By Bill Hirschman
The rousing Tony-nominated Million Dollar Quartet was one of the most successful shows that Actors’ Playhouse has put on in its 35-year history, so much so that the 2016 production was revived in 2018 with most of the same cast.
So in these uncertain times for theater bottom lines, you can’t blame the company for bringing back the 2016 cast for the Million Dollar Quartet Christmas. We’re guessing that Million Dollar Quartet Arbor Day is being constructed for next spring.
It has the same virtues and flaws as the previous editions: impressive musicians with winning personalities delivering a driving evening of kick-butt music, and a script of clunky exposition trying to hide it being a thin excuse for an inarguably entertaining revue of classic music.
The original premise revolved around a true-life iconic evening – Dec. 4, 1956 — when Elvis Presley, Carl Perkins, Johnny Cash and Jerry Lee Lewis all visited the Sun Records studio in Memphis where they got their start. Perkins and kin were recording with novice in training Lewis playing backup. Elvis just happened to visiting and Cash dropped in to hear Perkins. Eventually, they just sort of fell into playing together and producer Sam Phillips, no fool here, began recording the impromptu session.
Its ensuing plot is fictional guesswork as the four banter and spar, and as their mentor Phillips bemoans having sold Presley to RCA records and mega-fame, Perkins and Cash to Columbia, and while just beginning to groom Lewis himself. Elvis’ current girlfriend, Dyanne, chimes in, and son of a gun, there just happens to be a flawless drum and stand-up bass player on hand for Perkins’ set. For 98 minutes, they play a greatest hits revue while musing on the wildly different places they are in their careers.
Quartet Christmas is not pitched as a sequel, but a kind of even more fictionalized overlay of the same incident in which everybody sings some of their hits, but mostly versions of classic Christmas songs — some jazzed up with rock arrangements, some done as fervent riffs on religious ballads. The latter gives these folks from the same sharecropper fields of Mississippi and Alabama a chance to resurrect the religious milieu of their youth.
Gene Seyffer’s recording studio is back, this time with Jodi Dellaventura’s evergreen tree alongside the bandstand and some holly bunting atop the gold records and publicity photos.
Colin Scott’s script is even weaker than the one he originally wrote with Floyd Mutrux covering the same ground. Although its tone when the music isn’t playing is a bit quieter than the first version, it’s still a tale of loyalty, legacy, determination, pride, vulnerability, celebration, contemplation, ill feelings and change.
There’s a bit more muttering with everyone nursing old grudges and upcoming futures — Elvis fearing people will forget him while he’s in the Army; Perkins’ career spiraling downward after others have a hit with his “Blue Suede Shoes,” Cash still worried that his past sins will catch up with him, and Lewis on the first step of his career but insanely and vocally certain of his superiority. Referring to himself: “Jerry Lee has the talent and these boys have the scrapings.”
But you’re here for the music and does this group deliver: Sky Seals as the troubled Johnny Cash (he doesn’t sound a lot like Cash but he’s solid on his own merits); Jeremy Sevelovitz as the sulking country boy Perkins (an electrifying lead guitarist); Eddie Clendening (who looks a tad like Elvis with the slicked back hair, does sound enough like the Someday Will Be King and plays a fine guitar). Lindsey Corey amps up everything with her voice and her pizzazz as the girlfriend. Veteran Gregg Weiner is welcome back to local stages as Phillips.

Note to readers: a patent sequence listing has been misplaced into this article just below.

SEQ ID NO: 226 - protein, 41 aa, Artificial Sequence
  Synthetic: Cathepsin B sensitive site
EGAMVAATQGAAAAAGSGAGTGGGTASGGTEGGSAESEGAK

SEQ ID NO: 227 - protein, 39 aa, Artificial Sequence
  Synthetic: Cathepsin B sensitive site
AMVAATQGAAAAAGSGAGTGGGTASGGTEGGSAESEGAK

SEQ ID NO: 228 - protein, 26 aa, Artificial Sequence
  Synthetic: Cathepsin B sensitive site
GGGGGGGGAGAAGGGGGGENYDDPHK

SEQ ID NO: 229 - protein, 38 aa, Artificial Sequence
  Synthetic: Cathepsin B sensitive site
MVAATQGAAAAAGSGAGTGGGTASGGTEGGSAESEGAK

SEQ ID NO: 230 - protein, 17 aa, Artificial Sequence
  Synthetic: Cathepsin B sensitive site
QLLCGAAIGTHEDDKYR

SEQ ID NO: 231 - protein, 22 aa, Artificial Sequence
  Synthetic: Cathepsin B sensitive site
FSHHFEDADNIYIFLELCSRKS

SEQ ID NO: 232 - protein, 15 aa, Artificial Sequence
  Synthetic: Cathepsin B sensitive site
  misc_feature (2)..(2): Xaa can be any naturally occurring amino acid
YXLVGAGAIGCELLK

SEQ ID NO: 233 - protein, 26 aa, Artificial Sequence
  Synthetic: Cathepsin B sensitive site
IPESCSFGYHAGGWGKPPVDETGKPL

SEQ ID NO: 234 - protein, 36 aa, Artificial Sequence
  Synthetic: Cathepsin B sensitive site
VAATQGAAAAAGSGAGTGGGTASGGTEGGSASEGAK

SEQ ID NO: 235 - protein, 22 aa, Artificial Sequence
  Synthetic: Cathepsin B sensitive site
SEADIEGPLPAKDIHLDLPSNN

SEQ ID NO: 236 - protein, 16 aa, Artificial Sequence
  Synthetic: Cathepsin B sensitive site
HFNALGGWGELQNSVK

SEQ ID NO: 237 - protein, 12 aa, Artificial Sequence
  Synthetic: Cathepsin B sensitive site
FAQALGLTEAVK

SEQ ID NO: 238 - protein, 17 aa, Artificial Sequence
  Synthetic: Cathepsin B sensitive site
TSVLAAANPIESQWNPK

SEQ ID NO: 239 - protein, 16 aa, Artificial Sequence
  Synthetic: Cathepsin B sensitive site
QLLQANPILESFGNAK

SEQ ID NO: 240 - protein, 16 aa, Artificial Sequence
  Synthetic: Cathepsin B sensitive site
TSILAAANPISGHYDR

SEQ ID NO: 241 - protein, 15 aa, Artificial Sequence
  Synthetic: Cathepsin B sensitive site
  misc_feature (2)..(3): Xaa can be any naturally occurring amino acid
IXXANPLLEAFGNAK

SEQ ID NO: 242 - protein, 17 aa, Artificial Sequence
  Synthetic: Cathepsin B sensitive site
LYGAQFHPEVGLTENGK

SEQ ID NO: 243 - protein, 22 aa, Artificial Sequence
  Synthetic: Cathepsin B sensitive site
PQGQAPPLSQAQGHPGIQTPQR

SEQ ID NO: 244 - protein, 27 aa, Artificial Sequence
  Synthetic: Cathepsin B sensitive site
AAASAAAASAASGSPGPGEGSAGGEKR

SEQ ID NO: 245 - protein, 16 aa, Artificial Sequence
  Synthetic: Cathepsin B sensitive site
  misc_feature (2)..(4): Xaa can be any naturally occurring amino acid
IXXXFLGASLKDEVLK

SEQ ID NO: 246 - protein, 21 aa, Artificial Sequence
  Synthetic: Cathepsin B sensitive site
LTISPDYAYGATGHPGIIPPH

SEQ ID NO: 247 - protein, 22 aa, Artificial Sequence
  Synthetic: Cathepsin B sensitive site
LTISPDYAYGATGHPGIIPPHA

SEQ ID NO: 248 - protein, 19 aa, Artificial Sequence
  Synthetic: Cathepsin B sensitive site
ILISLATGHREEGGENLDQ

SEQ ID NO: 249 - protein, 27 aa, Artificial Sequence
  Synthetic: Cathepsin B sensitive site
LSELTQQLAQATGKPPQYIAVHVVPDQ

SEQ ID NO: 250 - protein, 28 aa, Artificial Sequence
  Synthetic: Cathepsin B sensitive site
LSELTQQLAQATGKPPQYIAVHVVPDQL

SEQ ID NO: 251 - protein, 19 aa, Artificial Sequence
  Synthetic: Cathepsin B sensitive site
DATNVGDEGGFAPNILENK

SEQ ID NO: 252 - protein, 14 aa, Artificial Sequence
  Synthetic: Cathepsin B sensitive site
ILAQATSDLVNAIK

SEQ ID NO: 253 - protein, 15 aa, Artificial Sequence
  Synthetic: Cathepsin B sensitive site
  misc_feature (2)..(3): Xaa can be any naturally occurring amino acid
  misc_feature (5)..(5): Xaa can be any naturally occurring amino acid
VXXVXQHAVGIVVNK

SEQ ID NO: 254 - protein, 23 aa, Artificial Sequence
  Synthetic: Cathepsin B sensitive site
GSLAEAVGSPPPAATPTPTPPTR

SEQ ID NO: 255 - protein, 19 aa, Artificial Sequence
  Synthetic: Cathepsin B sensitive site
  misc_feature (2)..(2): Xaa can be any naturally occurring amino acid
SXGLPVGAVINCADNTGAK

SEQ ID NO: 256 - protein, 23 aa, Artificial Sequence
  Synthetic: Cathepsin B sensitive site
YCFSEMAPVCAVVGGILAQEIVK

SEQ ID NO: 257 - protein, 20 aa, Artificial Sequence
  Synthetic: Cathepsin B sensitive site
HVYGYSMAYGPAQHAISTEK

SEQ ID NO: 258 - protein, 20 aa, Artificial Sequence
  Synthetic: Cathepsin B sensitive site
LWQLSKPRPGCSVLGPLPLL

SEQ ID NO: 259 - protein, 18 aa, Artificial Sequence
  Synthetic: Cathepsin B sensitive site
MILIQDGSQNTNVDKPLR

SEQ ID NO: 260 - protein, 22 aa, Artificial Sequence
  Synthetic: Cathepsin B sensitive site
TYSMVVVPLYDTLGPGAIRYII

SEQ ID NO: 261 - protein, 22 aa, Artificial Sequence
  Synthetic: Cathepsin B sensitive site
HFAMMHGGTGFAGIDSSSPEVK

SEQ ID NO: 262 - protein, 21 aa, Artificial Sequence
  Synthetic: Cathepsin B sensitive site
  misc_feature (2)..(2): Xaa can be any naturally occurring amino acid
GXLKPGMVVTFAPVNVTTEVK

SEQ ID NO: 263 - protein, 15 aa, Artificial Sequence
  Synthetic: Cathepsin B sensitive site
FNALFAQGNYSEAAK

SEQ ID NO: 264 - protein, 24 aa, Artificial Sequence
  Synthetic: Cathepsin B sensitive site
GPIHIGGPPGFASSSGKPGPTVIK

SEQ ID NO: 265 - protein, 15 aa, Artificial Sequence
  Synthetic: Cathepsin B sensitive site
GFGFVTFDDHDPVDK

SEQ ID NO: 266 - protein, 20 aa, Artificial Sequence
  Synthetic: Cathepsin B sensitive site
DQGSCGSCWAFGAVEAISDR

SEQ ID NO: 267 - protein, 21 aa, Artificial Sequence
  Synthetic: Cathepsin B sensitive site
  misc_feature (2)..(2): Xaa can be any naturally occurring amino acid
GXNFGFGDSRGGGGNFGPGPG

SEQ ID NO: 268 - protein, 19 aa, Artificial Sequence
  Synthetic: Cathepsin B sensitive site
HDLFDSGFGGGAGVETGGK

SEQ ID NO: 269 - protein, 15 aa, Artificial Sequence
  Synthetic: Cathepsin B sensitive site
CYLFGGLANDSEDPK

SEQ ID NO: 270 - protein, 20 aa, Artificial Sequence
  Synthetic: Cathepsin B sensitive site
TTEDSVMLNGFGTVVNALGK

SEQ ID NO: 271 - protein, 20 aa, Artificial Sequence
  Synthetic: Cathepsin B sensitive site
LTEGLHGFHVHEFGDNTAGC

And then there’s Miamian Dominique Scott, who doubles as music director and is credited by director David Arisco as a virtual co-director. This performer won the “Best Supporting Actor in a Musical” Carbonell Award for his 2016 performance of this eccentric creature.
Once again, there’s nothing tame about Scott’s unabashedly wild, wide-eyed Lewis. Scott sports mussed blonde hair and a colorful, stand-out costume to match Lewis’ large personality. He speaks and sings in an excitable, high-pitched voice. When he plays the piano, his body gyrates. What’s most impressive about this performance is that Scott conveys his character’s abandon without calling attention to himself. Whether hammering at the ivories and sweeping fingers down the entire keyboard, belting the vocal notes or subtly leading the harmonies, Scott’s Lewis is just a power plant packed into a writhing body. Deep into the music, his eyes seem to sink under his brow while still glowing and his gaping maw wrenches into a scowl.
Yes, there is “Chantilly Lace,” “Ring of Fire” and “Don’t Be Cruel,” but also “Santa Baby,” and “Boogie Woogie Santa Claus.” Elvis croons a surprisingly touching “I’ll Be Home For Christmas,” and there’s a moving recreation of the quartet’s countrified childhood with a medley of “Go Tell It On The Mountain” and “I Shall Not Be Moved.”
Props, too, to percussionist David Sonnenborn and bassist Jonny Bowler.
And as usual, do not leave the house when all the musicians exit the stage, leaving Sam Phillips to close up shop. A few moments later, the required encores leave the place a rockin’.
Million Dollar Quartet Christmas runs through January 1 at Actors Playhouse at the Miracle Theatre, 280 Miracle Mile in Coral Gables; 8 p.m. Wednesday-Saturday, 3 p.m. Sunday. A special New Year’s Eve celebratory performance will take place Saturday, December 31. Tickets range from $40 to $125. Running time 98 minutes no intermission. For more information, call (305) 444-9293 or visit www.actorsplayhouse.org.